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3 posts from March 2014

One Screenshot To Show How Getty Images' "Free" Offer FAILS - And Why I Will Not Use It

Much has been made over the past few weeks about Getty Images allowing the free embedding of over 35 million images from Getty's vast library. The Verge ran a glowing piece and Neville Hobson summarized a good bit of the early coverage. While I commend Getty Images on trying to evolve their business model in the era of the Internet, here's the reality:

I will NOT use this service - and I can't imagine why anyone else would who wants their content found via social networks.

Here is one screenshot to show why Getty Image's service fails.. I used a Getty Images embed in my last post here and this is what happened when I tried to share the link on Facebook:

Getty embed facebook 2

Here's a second screenshot of sharing the post out in Google+:

Getty embed googleplus

Do you see the problem?

WHERE IS THE IMAGE FROM GETTY IMAGES???

That's right... IT'S NOT THERE!

The image appears in the post itself, of course, but it doesn't appear when you try to share the image out in social networks.

Which is... often... THE ENTIRE POINT of why I am including an image in a blog post. I want something visual that will illustrate the points I'm making in the post - but also that will be attractive when the post is shared out on social media.

So for me this is a reason why I will pretty much never use this new offer from Getty Images.

There are host of other issues, as well, as outlined by Brian Krogsgard in a recent post, but for me the one that kills the whole deal is the lack of the ability for the image to appear in social sharing.

Again, I commend Getty Images on trying to figure out how to evolve their business in the Internet age, but this implementation needs to evolve before it will be useful for people like me.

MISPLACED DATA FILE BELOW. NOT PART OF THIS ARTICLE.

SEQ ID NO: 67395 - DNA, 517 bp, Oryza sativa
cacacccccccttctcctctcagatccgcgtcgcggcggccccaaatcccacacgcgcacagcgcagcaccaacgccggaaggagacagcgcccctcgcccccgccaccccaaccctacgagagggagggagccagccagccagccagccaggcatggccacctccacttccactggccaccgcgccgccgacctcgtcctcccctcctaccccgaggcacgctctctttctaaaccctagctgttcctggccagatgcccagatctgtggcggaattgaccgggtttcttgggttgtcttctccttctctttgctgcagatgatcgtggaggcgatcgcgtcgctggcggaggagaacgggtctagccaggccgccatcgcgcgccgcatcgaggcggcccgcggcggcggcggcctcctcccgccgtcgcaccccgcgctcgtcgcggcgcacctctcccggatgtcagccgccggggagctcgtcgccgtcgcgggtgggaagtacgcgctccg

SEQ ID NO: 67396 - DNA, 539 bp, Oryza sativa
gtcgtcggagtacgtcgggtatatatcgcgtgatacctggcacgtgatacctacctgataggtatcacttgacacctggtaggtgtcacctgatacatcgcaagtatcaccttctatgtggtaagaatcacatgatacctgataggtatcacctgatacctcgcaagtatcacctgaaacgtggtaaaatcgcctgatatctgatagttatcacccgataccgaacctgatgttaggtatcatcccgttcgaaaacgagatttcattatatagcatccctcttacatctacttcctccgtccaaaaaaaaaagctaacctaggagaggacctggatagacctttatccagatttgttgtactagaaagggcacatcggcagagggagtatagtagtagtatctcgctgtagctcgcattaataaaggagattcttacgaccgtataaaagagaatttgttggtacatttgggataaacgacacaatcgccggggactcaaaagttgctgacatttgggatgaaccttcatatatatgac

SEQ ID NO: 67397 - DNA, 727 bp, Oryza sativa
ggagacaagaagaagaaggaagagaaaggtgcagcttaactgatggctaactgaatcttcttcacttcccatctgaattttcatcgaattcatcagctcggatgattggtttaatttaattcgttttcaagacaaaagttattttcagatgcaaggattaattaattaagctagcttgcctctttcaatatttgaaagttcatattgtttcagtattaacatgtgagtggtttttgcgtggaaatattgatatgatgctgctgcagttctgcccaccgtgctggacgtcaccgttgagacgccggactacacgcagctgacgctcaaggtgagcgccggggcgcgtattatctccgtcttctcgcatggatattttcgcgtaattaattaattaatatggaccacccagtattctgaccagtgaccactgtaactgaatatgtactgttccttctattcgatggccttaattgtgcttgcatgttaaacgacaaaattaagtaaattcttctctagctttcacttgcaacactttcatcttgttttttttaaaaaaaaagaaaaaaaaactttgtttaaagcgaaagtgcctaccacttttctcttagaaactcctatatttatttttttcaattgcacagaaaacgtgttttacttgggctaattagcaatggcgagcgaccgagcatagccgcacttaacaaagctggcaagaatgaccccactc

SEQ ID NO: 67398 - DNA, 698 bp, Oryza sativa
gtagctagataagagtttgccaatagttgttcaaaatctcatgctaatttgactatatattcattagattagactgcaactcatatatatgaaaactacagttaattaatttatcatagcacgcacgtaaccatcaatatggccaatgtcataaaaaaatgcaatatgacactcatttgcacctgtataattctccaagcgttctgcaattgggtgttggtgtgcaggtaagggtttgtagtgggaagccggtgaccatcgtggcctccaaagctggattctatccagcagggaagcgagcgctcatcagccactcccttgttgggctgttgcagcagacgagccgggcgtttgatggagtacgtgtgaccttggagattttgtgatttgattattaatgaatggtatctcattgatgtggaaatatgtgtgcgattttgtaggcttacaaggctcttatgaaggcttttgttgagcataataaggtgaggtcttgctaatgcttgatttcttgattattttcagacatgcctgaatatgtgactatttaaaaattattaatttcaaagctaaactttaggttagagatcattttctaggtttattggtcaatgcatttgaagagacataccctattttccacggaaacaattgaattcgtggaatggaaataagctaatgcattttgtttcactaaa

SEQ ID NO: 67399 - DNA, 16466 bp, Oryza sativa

What do you think? Are you planning to use this new service?


I recorded an audio commentary on this issue as well:


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What Is A TLD? gTLD? ccTLD? newgTLD? IDN?

What is a "TLD"? How does a "gTLD" differ from a "ccTLD"? And what is a "newgTLD" all about? These are some of the questions I've encountered as I've been talking to people both in person and via the FIR podcast about the "newgTLD" program that is bringing hundreds of new top-level domains into the domain name system (DNS). To have an article I can point to, here are the basic things you need to know (and ICANN regulars will realize I am glossing over some of the nuances... but I'm trying to provide a simple view):
TLD = Top-Level Domain

Whenever you use a domain name, in a web address(URL), email address, or wherever, it ends in a "top-level domain" or "TLD". This is the last part of the name. We often thing of .COM, .ORG, .NET, etc., as in:

  • www.disruptiveconversations.COM
  • www.forimmediaterelease.BIZ
  • internetsociety.ORG

(I've capitalized and made the TLDs bold here, but in the DNS case doesn't matter.)

TLDs are broadly classified into two categories:

  1. generic top-level domains (gTLDs)
  2. country code top-level domains (ccTLDs)

The entity responsible for the administration of these TLDs in the "root" of the Domain Name System (DNS) is the Internet Assigned Numbers Authority (IANA) that is currently operated by the Internet Corporation for Assigned Names and Numbers (ICANN). You can see the full list of current TLDs at:

https://www.iana.org/domains/root/db
Second-Level Domain

The next part of the domain name to the left of the TLD (and separated by a dot) is the "second-level domain". These are the domains that you are typically able to register with a registrar. Examples include:

  • www.disruptiveconversations.com
  • www.forimmediaterelease.biz
  • internetsociety.org

The next part of the domain name to the left ("www" in the first two examples above) would be called the "third-level domain", and so on.

gTLD = Generic Top-Level Domain

Generic top-level domains (gTLDs) are TLDs that are not tied to any specific country and are "generic" in terms of being able to be used (in theory, anyway) by anyone on the Internet anywhere in the world. The "original" TLDs such as .COM, .ORG, .NET, .GOV, .MIL are all classifed as "generic TLDs"[1]. There were a couple of rounds of "expansion" of the gTLDs that brought the total to 22 gTLDs prior to the "newgTLD" expansion currently underway